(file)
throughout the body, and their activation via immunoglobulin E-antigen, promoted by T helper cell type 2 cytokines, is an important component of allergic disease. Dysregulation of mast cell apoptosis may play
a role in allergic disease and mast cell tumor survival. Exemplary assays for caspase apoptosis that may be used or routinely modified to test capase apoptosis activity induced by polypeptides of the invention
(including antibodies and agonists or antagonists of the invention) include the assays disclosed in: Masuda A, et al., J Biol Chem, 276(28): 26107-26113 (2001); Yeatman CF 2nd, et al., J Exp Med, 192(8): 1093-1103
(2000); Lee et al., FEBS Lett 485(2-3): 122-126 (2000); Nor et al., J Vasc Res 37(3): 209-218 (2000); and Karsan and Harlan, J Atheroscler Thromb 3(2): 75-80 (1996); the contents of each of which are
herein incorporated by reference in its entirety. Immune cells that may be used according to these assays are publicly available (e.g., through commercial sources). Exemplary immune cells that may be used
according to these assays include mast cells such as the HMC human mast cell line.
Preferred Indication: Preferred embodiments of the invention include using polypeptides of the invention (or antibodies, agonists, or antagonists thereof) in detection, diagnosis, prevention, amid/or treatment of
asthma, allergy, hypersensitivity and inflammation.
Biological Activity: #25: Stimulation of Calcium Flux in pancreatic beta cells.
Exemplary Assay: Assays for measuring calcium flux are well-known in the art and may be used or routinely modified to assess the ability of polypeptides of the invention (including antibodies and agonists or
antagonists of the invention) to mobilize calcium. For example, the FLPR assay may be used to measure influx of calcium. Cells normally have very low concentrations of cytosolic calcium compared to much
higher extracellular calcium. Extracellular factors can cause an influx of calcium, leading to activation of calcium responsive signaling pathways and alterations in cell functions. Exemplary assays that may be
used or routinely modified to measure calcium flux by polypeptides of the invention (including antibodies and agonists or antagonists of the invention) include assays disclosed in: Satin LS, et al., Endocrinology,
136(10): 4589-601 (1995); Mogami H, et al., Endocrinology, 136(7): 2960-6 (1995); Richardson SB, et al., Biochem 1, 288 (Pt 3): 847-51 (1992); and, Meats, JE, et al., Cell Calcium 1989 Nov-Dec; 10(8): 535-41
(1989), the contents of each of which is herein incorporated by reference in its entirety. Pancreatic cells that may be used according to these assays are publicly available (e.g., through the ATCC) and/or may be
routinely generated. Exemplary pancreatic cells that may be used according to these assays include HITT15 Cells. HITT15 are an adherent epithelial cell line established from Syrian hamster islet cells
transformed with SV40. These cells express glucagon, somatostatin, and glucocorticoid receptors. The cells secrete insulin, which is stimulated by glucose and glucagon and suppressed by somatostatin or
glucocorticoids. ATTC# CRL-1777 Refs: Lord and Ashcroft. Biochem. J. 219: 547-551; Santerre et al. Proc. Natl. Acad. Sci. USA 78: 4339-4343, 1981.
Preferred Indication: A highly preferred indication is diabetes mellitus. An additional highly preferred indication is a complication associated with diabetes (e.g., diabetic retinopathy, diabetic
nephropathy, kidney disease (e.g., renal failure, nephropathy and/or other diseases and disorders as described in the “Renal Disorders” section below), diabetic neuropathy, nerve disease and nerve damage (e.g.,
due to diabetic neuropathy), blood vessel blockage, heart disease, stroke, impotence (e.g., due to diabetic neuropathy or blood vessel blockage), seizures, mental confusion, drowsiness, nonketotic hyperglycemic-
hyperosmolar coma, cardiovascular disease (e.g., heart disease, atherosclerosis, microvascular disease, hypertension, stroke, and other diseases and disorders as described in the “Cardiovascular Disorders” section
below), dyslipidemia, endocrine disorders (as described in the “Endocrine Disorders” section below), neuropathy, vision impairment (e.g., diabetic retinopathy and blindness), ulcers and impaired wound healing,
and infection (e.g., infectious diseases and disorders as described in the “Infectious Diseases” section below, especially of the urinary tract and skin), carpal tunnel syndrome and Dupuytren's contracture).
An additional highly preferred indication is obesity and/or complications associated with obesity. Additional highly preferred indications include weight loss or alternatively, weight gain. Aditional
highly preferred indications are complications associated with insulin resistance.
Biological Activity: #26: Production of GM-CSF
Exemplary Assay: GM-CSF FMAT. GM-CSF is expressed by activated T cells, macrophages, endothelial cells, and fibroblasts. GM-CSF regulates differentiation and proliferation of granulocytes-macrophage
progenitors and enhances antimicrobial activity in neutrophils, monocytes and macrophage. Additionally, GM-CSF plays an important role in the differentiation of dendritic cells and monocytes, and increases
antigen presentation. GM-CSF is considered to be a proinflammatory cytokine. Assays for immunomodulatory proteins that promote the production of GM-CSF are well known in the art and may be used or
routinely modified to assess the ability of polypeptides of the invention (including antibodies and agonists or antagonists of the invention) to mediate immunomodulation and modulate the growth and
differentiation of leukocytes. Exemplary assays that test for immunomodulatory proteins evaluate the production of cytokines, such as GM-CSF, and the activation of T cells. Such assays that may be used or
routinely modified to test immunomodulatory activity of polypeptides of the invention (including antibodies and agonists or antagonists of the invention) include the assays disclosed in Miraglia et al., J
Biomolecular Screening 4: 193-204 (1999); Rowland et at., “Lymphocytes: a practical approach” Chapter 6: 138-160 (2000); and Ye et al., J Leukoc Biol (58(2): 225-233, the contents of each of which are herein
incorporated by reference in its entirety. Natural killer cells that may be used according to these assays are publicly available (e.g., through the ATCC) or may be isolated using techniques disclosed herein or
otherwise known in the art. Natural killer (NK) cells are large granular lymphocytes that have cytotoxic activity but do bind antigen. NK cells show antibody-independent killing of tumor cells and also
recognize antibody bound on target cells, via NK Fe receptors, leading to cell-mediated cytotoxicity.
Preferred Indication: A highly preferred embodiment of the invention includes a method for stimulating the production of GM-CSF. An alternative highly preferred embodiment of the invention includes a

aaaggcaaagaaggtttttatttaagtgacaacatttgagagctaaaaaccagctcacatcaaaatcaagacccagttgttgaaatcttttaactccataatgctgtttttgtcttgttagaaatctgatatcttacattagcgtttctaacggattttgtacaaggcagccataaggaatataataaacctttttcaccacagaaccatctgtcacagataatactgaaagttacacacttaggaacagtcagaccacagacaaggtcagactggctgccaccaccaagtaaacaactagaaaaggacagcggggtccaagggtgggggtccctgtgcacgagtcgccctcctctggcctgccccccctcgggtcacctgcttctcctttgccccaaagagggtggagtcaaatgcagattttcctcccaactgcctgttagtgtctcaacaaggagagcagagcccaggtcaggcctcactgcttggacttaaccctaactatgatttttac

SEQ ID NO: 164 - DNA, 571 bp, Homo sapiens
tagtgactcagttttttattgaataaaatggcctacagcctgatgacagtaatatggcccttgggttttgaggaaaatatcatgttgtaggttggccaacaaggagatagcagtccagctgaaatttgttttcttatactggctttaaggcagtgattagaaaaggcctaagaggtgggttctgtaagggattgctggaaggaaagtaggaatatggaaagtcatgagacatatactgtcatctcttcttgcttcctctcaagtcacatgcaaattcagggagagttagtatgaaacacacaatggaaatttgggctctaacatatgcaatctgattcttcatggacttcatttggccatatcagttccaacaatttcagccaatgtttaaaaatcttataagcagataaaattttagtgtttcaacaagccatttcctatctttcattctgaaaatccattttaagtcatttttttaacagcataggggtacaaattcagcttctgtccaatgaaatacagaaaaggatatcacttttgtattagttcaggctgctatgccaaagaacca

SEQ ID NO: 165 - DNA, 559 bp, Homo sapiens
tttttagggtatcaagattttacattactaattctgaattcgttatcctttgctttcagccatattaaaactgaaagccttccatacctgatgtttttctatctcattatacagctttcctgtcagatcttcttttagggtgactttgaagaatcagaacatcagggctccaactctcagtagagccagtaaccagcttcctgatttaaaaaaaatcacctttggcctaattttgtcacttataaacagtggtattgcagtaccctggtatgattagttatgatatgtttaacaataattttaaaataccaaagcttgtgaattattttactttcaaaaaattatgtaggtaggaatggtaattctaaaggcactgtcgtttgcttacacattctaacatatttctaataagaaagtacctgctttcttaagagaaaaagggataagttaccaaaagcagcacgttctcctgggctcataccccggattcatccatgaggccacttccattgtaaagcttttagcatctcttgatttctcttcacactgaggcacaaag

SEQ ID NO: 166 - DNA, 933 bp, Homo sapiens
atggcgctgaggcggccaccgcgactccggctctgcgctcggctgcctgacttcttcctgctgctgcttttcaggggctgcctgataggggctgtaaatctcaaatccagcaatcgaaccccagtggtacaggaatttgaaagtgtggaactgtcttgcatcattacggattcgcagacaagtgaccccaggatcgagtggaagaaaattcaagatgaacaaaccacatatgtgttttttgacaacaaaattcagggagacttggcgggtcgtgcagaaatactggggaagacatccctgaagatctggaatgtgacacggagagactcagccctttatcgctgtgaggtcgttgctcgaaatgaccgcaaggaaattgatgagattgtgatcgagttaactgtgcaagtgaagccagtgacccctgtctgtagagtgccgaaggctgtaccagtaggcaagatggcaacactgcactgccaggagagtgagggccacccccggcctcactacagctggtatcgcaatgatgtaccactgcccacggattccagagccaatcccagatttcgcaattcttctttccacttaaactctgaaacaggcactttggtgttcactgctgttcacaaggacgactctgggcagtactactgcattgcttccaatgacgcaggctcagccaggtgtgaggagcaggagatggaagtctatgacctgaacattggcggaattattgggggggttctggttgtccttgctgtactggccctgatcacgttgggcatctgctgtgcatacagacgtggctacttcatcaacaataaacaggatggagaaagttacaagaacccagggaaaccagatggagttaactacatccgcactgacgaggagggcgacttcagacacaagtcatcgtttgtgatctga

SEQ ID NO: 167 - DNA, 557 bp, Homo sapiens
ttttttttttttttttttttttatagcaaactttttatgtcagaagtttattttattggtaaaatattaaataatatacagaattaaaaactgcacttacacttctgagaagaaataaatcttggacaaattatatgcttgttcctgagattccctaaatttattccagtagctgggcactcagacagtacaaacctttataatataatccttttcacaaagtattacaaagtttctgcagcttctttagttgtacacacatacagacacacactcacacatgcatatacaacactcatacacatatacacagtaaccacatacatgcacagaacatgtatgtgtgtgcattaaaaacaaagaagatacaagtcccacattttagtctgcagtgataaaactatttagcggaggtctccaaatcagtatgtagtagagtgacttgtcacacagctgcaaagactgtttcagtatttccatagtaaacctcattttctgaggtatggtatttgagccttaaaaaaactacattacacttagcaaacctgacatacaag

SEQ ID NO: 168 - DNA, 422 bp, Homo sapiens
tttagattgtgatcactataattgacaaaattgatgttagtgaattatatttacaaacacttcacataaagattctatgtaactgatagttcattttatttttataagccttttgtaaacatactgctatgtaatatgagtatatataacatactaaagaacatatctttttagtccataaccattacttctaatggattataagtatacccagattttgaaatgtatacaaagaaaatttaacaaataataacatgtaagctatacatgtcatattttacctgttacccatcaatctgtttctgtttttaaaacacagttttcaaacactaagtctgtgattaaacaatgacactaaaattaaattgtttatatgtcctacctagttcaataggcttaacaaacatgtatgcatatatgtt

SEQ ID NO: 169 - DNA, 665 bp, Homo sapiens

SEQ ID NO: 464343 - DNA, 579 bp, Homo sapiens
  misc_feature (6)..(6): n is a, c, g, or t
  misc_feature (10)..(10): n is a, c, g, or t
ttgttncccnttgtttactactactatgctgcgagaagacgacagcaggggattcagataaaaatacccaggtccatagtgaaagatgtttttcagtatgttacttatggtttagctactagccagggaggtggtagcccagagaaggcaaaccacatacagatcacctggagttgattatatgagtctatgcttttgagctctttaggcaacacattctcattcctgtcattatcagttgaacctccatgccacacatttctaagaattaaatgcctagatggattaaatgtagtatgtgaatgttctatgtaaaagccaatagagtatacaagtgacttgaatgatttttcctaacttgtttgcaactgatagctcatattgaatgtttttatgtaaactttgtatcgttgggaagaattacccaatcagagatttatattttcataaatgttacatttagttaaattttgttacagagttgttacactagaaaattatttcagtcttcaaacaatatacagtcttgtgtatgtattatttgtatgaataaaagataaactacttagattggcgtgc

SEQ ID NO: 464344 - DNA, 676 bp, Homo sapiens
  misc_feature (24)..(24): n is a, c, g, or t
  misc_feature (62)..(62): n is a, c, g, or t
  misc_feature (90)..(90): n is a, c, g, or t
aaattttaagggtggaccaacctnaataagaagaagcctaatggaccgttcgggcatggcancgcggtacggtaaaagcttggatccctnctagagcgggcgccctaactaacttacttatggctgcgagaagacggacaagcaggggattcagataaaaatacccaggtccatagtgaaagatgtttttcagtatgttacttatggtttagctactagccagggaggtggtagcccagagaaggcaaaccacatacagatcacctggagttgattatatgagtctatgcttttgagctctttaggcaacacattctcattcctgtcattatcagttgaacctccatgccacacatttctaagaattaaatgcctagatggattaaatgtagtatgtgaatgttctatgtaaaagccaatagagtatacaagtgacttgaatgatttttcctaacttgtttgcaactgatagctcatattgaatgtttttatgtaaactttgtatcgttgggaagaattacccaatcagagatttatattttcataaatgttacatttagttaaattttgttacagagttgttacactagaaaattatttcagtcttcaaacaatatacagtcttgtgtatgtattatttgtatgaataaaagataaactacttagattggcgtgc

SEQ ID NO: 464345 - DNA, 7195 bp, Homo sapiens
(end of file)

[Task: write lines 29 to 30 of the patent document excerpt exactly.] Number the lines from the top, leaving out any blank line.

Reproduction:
progenitors and enhances antimicrobial activity in neutrophils, monocytes and macrophage. Additionally, GM-CSF plays an important role in the differentiation of dendritic cells and monocytes, and increases
antigen presentation. GM-CSF is considered to be a proinflammatory cytokine. Assays for immunomodulatory proteins that promote the production of GM-CSF are well known in the art and may be used or